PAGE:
This episode, Ed takes adventure to the next level with ways to experience adventure near and far. Ed is a husband and father originally from Singapore now in Washington. Prior to Covid he was a sophisticated travel hacker, but now more of an aspiring polyglot. Others might also say he’s a tax optimizer, a geo-arbitrage schemer, homeschooler, entrepreneur, and just adding a budding asian cuisine chef…Right? Let’s just say Ed Tee has become one of my adventure Super Heros. This episode will demonstrate, there is not much he hasn’t done as he works to leave his own mark on the world.
In preparing for this interview I dove deep into what it means to be a polyglot: which is the study of multiple languages. While Ed only speaks 2 languages fluently, I believe he said he can speak at an elementary level in I believe 12 languages. For listeners who may not be familiar with geo-arbitrage, it’s the ability to live anywhere. As you will hear Ed spends a significant amount of time in various countries. I am so grateful Ed was able to join us and take us on a wild ride just touching on a few of his adventures and give us all some tips and free resources to support our own adventure journey.
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- Military Experience
- Language Learning
- Unlikely Cooking Lessons in Thailand
- Length of travel and depth of experiences
- Teenage daughter inspired most iconic adventure for the entire family
- Homestead experience in Western Mongolia
- Travel hacking
- 2020 version of adventure
- Lifestyle fueled by Financial Independence
- Embrace the suck. Making the best of an experience can open your mind to new possibilities.
- Once you realize you can belong anywhere, and be happy, the whole world opens up to you.
- Language and food are critical aspects to local culture. Authentic local experiences typically don’t require extensive tourism.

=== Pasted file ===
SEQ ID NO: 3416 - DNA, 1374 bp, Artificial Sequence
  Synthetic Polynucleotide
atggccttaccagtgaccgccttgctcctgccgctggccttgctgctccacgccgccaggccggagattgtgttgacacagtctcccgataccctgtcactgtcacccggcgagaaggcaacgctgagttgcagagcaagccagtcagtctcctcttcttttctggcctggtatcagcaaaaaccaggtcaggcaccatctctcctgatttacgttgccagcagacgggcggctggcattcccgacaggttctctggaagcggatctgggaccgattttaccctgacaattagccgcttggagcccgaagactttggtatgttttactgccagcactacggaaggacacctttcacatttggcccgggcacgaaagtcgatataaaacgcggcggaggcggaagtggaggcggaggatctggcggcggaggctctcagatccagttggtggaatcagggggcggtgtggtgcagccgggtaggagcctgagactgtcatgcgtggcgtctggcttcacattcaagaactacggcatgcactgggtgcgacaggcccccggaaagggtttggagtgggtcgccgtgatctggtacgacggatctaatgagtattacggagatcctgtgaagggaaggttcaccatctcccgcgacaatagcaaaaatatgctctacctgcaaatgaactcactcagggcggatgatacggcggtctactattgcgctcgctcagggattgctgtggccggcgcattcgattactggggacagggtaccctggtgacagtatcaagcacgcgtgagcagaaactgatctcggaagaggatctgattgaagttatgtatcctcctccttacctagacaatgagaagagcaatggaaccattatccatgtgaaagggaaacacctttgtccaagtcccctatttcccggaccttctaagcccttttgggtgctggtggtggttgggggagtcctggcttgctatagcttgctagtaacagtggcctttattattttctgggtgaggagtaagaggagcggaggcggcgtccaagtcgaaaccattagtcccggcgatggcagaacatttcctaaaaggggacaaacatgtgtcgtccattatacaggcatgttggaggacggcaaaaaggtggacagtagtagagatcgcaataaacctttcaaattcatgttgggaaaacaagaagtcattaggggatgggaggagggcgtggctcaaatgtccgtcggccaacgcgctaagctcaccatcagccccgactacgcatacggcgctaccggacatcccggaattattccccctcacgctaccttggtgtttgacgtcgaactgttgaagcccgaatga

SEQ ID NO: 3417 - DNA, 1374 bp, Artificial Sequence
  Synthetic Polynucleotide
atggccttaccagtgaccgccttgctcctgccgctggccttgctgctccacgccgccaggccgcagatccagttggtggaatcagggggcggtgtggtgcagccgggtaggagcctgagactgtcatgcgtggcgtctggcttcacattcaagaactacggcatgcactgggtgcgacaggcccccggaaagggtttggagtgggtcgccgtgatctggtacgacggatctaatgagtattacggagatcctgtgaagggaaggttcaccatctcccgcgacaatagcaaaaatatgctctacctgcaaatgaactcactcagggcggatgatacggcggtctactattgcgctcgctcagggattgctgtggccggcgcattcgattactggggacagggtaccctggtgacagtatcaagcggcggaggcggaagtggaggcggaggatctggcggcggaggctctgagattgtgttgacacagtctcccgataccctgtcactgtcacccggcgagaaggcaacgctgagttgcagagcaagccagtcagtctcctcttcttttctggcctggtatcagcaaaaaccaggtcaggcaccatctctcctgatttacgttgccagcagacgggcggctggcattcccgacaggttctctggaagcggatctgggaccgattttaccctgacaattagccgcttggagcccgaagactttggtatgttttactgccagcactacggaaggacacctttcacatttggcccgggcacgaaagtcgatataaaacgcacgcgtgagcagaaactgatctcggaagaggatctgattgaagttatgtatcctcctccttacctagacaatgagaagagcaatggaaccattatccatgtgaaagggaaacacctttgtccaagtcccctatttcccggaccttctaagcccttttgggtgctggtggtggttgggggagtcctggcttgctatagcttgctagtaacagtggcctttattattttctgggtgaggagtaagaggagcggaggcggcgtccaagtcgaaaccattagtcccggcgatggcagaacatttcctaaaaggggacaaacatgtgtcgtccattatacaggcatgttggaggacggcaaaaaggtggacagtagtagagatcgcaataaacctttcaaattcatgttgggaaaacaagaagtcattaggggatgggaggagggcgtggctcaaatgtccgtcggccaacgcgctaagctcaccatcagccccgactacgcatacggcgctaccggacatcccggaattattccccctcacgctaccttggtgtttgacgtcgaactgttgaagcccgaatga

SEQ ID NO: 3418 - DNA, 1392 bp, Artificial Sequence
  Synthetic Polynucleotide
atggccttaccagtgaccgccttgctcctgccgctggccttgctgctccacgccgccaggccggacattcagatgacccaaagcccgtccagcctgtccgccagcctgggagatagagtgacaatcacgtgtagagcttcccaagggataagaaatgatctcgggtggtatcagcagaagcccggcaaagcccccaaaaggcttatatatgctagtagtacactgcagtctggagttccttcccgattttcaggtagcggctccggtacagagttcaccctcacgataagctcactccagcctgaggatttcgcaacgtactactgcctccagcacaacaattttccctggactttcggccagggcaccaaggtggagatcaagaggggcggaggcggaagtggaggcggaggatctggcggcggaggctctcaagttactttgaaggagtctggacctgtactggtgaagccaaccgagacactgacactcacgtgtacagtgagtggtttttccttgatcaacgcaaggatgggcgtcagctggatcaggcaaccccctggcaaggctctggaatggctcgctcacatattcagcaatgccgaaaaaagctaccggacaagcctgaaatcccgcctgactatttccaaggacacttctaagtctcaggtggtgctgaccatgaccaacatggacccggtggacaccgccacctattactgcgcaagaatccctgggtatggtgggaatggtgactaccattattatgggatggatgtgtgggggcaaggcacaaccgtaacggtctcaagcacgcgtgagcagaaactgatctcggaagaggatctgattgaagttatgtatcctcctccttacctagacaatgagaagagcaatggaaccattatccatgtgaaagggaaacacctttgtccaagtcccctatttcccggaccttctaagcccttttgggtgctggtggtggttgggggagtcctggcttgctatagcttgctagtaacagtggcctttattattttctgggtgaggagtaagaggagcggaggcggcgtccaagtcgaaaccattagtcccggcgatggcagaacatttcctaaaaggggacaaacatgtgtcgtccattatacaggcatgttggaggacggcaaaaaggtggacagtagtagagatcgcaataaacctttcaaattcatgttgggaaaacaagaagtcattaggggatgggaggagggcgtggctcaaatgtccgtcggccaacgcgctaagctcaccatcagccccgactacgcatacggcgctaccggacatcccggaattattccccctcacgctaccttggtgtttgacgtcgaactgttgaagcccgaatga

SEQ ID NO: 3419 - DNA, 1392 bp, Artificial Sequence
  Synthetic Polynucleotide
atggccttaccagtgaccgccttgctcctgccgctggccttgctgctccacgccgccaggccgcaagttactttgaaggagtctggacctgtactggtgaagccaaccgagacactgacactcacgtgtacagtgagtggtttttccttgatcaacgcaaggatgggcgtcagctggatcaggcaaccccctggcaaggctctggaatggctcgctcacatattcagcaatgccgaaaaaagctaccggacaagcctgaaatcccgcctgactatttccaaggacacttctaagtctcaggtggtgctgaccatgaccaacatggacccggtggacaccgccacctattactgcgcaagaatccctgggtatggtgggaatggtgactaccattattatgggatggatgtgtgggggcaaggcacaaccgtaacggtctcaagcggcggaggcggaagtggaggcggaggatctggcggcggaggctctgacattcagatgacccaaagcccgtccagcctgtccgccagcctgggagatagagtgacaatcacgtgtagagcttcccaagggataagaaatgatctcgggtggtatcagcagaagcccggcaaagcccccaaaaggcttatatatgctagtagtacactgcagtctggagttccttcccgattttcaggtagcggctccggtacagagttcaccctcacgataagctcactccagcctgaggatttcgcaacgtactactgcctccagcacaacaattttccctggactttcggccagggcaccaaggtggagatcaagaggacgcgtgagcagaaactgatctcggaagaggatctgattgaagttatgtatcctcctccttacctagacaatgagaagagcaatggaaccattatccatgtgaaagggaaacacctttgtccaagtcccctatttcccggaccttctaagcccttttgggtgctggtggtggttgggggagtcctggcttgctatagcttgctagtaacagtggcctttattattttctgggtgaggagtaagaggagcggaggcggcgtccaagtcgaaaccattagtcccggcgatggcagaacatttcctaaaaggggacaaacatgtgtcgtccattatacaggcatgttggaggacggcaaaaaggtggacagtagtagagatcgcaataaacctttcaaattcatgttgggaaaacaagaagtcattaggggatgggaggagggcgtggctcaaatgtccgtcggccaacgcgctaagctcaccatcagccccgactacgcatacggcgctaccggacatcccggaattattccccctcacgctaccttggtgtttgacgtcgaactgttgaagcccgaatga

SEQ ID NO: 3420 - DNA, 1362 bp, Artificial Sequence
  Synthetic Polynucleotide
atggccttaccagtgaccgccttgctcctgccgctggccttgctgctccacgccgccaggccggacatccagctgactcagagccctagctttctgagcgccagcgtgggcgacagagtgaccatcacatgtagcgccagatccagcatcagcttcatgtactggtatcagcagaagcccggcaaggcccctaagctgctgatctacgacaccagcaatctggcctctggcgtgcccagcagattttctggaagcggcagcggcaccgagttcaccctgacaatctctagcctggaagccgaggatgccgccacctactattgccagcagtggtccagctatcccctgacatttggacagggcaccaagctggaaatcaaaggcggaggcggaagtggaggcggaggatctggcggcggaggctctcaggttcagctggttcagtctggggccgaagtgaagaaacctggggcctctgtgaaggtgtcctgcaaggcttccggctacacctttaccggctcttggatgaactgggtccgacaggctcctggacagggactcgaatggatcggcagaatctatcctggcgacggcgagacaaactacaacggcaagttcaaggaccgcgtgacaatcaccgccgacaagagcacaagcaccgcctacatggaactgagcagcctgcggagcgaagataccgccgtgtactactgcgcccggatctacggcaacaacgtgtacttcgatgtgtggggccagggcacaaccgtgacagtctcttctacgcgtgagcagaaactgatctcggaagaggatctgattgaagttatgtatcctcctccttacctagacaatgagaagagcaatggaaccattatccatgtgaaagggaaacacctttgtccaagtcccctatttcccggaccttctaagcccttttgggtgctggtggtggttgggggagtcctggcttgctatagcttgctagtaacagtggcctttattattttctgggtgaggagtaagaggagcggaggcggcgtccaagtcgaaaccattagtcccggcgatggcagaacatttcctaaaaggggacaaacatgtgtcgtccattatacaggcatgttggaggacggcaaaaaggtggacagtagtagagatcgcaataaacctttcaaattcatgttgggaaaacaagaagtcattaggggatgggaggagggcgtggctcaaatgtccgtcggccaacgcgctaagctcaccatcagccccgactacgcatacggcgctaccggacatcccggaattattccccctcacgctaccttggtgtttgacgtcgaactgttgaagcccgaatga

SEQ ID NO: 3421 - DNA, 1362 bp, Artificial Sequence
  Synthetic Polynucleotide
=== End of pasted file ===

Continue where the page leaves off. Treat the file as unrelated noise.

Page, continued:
- You don’t need to be fluent, but the attempt to learn the language builds connections. Define a benchmark such as ordering a beer.
- The military can be a path to explore the world and make meaningful connections.
- Traveling the world is “more than collecting stamps in your passport.”
- Is hunched over cooking at a street vendor push cart what you imagined for local cooking lessons? Maybe it could be.
- While American safety standards exist for a reason, be open to what the standards in the community you are visiting. Lean in – get curious. You might be opting out with your hidden bias.
- Is anyone else craving yummy Asian cuisine now?! Note to self: go to Thailand and indulge. It’s cheaper than Mac-N-Cheese at home 🙂
- Look for inspiration everywhere. The curiosity of his teenage daughter took them on one of the most iconic experiences for their family.
- Someti mes the greatest experiences will happen in the most unlikely places. Memorable experiences are not always synonymous with comfort.
- Adventure and travel is a tool to reinforce children’s learning.
- The buddy system is a good practice, even for remote locations like Western Mongolia
- Not traveling in 2020 led to adventures in learning a new language and Japanese home cooking. Language and food were 2 large chunks of his travel experiences. What are big chunks of your travel experience.
- The key to allowing their family the flexibility and freedom to travel extensively was a combination of Financial Independence and Homeschooling.
- Financial Independence = Earn More, Spend Less, and Invest the difference. Maintain a reasonable lifestyle that keeps your spending aligned with your values. Make investing simple using broad-based index funds. After 10 years they were able to draw 3-4% to cover their annual living expenses.
- Fill the gap by being willing to take odd jobs or ad-hoc consulting. This gave them the ability to be anywhere in the world.
Free Resources Referenced during the Show:
- Financial Independence
- Pimsleur Language Learning Series: CD set available from local library system or download the app. Recommended by the military and available in about 50 languages.
- Asian Home-cooking: http://Justonecookbook.com with Nami.